- Outrage as Air Force base in South Carolina boots Nativity scene
- Israel poised for a $173M boost from the U.S. for missile defense
- Leon Panetta named as source of ‘Zero Dark Thirty’ scriptwriter’s information
- Mandela service sign language interpreter: ‘He made up his own signs’
- Pope Francis named Time’s ‘Person of the Year’
- Ben Affleck: Fundraising for Democrats started to ‘feel gross’
- Vladimir Putin orders military to boost presence in Arctic
- Brooklyn, N.Y.: ‘Lesbian capital’ of the Northeast
- Elian Gonzalez: It’s America’s fault that my mother died
- India top court rules homosexuality is illegal
Homeless Ohio man with velvety voice back with mom
COLUMBUS, OHIO (AP) - A homeless man whose silky announcing voice has catapulted him to national fame reunited Thursday with his mother, recorded a commercial for Kraft Macaroni & Cheese and agreed to do voiceover work for MSNBC.
Video posted by The Columbus Dispatch shows Ted Williams walking quickly toward his 90-year-old mother at their New York reunion. Williams says, “Hi, Mommy. Hi, Mommy,” when he sees her in a hotel for the first time in about 20 years.
Brooklyn resident Julia Williams covers her face as her son approaches, and he hugs her, saying, “I feel the same way, Mommy.”
“I’m home,” Williams says. “I told you I was coming this year. I don’t look the best, but I’m home.”
Williams, 53, was left homeless after his life was ruined by drugs and alcohol, and he was living in a tent near a highway in Columbus just days ago. He quickly became an online sensation after the Dispatch posted a clip of him demonstrating his voiceover skills while begging by the side of the road.
Williams appeared on NBC’s “Today” show Thursday morning and has been offered jobs by the NBA’s Cleveland Cavaliers and others.
At the reunion, he wore a camouflage jacket over clothes that he told his mother are all that he owns and said he just finished doing a commercial for Kraft Macaroni & Cheese that is to air Sunday during the Fight Hunger Bowl on ESPN.
Williams recorded voiceover promos Thursday for MSNBC’s Lean Forward campaign, and the spots were to begin running immediately, network spokeswoman Tanya Hayre said. He was being paid for the spots, Hayre said, but she declined to say how much.
Williams also taped an appearance on the NBC late-night show hosted by comedian Jimmy Fallon, who told him his voice “is golden.” Williams recounted his tale of discovery while panhandling on the streets of Columbus, joked about his fondness for “Today” host Matt Lauer and became teary-eyed when he discussed recording his first commercial for Kraft.
In the reunion video, Williams’ mother refers to him as “my prodigal son,” and when she tells him, “Please don’t disappoint me,” Williams responds, “I’m not, Mom, I’m not. I’m through with it all.”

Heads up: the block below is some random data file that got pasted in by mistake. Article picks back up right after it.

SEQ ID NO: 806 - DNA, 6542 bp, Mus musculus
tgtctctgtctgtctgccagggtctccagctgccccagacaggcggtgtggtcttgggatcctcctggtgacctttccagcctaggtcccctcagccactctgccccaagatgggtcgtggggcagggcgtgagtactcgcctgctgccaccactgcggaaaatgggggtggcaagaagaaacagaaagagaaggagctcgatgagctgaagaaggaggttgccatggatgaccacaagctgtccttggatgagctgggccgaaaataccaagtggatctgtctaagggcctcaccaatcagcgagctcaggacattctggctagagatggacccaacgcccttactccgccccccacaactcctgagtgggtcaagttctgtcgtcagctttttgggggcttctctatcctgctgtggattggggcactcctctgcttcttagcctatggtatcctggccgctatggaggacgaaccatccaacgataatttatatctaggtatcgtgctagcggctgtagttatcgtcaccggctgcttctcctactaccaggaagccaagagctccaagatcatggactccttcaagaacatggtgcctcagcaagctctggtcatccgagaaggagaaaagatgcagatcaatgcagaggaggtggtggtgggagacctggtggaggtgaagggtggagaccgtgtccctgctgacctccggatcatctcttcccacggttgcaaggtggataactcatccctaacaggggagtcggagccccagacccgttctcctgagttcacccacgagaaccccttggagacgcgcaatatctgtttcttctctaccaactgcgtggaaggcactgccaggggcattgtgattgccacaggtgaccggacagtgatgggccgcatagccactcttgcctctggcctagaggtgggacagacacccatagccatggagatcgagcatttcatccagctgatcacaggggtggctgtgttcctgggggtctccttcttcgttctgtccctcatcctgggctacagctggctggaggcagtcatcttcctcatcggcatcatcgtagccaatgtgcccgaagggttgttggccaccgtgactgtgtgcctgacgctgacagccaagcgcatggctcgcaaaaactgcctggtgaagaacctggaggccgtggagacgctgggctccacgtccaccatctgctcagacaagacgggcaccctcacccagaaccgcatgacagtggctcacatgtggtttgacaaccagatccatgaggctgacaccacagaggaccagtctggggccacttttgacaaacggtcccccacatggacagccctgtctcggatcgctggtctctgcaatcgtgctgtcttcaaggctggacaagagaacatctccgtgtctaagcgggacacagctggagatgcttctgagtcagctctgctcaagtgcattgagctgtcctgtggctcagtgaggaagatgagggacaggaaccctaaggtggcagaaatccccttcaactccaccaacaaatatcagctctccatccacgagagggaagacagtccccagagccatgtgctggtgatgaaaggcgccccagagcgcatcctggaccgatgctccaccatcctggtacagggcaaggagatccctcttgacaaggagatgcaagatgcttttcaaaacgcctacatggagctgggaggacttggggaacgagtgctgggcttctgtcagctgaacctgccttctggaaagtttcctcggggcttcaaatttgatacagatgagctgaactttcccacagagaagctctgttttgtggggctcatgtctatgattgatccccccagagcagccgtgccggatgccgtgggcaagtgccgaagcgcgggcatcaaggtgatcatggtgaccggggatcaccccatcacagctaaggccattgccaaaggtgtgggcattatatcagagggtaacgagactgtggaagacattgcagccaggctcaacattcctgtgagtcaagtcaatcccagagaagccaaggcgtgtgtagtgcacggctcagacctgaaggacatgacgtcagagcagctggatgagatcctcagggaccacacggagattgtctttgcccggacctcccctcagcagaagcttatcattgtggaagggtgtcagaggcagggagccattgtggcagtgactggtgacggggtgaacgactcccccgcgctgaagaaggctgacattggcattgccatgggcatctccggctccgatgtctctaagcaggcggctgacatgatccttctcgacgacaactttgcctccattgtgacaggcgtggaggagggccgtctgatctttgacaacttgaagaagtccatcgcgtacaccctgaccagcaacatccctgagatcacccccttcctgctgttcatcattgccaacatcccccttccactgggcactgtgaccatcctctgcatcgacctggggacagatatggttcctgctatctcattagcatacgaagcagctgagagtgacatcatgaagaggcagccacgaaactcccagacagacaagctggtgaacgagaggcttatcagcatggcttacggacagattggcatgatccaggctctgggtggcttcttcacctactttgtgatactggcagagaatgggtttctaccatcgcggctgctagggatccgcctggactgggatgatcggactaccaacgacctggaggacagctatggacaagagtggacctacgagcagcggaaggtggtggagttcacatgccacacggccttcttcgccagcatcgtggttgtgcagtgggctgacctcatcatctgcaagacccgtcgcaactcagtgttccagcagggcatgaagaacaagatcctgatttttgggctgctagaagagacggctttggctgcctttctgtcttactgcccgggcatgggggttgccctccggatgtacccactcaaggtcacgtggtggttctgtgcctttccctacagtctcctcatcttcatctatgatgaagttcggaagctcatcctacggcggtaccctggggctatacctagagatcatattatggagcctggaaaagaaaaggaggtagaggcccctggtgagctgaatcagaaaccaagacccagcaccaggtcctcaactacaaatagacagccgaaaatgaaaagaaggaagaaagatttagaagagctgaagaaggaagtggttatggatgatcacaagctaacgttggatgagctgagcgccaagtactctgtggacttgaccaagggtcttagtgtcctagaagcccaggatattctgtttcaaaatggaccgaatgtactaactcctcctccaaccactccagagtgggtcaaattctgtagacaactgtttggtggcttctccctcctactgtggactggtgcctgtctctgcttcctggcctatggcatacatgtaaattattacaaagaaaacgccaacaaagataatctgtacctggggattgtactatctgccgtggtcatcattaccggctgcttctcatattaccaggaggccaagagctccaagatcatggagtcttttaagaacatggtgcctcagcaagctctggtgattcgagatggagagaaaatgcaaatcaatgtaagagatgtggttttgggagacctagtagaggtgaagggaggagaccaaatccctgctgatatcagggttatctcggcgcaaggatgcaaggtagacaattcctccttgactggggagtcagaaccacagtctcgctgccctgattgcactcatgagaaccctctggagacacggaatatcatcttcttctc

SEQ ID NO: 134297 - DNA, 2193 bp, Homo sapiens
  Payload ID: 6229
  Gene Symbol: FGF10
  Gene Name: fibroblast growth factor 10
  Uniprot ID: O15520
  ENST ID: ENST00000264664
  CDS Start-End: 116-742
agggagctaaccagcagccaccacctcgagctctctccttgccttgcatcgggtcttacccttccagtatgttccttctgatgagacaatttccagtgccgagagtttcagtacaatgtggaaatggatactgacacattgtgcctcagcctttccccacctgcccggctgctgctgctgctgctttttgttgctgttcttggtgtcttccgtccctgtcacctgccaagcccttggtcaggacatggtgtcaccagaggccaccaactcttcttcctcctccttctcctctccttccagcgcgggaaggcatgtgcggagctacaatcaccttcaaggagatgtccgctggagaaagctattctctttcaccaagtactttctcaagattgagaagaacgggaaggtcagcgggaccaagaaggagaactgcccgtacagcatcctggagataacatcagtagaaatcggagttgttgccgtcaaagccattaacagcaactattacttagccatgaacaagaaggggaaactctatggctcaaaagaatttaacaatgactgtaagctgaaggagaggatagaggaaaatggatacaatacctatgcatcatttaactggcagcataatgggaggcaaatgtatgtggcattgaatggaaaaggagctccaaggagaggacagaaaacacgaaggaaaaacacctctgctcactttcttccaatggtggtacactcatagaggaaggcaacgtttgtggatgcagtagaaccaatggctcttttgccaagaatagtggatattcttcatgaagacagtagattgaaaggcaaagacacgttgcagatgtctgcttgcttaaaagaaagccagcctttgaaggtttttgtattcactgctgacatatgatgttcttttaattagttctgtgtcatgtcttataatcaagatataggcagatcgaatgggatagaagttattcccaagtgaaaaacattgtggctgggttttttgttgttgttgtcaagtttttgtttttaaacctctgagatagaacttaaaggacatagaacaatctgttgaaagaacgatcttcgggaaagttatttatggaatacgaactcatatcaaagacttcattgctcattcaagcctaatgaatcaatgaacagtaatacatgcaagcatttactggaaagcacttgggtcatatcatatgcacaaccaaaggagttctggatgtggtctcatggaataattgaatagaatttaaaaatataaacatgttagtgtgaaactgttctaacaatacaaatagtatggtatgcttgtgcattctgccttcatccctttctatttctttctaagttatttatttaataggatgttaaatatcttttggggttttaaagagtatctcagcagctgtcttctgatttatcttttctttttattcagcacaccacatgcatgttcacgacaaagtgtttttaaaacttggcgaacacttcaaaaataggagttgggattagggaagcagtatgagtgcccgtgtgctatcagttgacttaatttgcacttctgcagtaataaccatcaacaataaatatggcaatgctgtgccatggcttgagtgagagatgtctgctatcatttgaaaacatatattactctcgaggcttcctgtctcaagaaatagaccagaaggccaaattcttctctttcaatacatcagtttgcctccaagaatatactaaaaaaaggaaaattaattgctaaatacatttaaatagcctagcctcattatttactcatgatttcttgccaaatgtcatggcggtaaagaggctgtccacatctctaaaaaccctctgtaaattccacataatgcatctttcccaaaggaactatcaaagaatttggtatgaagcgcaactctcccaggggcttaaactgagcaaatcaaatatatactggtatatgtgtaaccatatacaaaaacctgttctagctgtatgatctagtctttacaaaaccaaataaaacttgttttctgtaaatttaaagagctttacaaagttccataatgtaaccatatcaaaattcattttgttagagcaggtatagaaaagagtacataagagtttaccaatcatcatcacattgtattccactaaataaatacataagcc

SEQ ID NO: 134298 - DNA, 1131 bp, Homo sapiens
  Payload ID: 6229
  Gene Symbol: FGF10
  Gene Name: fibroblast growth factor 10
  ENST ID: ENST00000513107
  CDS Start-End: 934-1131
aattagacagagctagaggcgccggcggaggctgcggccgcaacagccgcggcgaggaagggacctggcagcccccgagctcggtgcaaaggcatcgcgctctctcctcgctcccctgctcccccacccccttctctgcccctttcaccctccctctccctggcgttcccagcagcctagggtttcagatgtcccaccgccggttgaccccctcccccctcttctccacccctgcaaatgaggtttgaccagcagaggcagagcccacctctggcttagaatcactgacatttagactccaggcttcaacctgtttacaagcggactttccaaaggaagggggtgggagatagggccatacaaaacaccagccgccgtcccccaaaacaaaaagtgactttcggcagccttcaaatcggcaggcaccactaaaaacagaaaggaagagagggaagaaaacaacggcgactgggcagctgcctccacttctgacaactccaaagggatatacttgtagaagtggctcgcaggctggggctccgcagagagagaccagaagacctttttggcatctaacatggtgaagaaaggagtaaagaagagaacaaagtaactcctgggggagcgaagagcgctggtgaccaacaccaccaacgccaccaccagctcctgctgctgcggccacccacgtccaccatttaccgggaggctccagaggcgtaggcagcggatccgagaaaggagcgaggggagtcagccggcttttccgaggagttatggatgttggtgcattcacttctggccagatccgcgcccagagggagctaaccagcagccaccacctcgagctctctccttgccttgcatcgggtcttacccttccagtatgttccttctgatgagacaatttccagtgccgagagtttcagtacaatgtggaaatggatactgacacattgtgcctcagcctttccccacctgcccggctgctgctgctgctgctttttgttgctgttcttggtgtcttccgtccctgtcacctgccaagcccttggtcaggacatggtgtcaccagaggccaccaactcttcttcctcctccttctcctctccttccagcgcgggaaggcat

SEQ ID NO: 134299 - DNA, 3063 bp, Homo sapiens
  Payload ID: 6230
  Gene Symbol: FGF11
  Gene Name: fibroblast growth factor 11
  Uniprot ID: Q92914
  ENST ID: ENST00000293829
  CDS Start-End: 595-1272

“You always told me to pray, and I’ve been praying,” he says. “This has been a dream, a dream and a prayer.”
On the “Today” show, Williams described his previous 48 hours as “outrageous.”
“There’s no way in the world that I could have ever imagined that I would be _ I mean, just have all of this just all of a sudden come into this portion of my life,” he said during a live interview in the program’s studio.
But he said he was ready to handle the second chance and the job offers he was being given and predicted that in five years he’d be working as a radio program director and living in his own apartment. He said in 2010 he found a “new sense of spirituality” that would help him deal with whatever success comes.
Williams was contacted Wednesday by the Cavaliers, who have offered him a position that could include announcing work at Quicken Loans Arena, the team’s downtown facility. Williams said the team has offered him a two-year contract and would pay his living expenses.
By Donald Lambro
Growth spikes are little more than trend-free anomalies
- Teen thugs in DC run wild -- even while wearing GPS ankle bracelets
- New budget accord saves $23 billion -- after $65 billion spending spree
- More than a quarter million sign up for Obamacare in November
- VEGAS RULES: Harry Reid pushed feds to change ruling for casino's big-money foreigners
- Obama takes 'selfie' at Mandela's funeral service
- CARSON: Why did the founders give us the Second Amendment?
- FITTON: A closer look at the Benghazi lie
- Obama's antics at Nelson Mandela tribute: Jovial conversation, handshake with Raul Castro
- Gov't Motors: Obama fudges math on auto bailout, $10.5 billion loss for taxpayers
- Somber duty: U.S. presidents in hot demand at Mandela's memorial
Independent voices from the The Washington Times Communities
All of the world’s problems, solved on your back porch
Human interest stories to feed interest, satisfy curiosity and see outside the box.
Politics, economics, and business from a real world perspective.
News and views on the Civil War.
White House pets gone wild!
Let it snow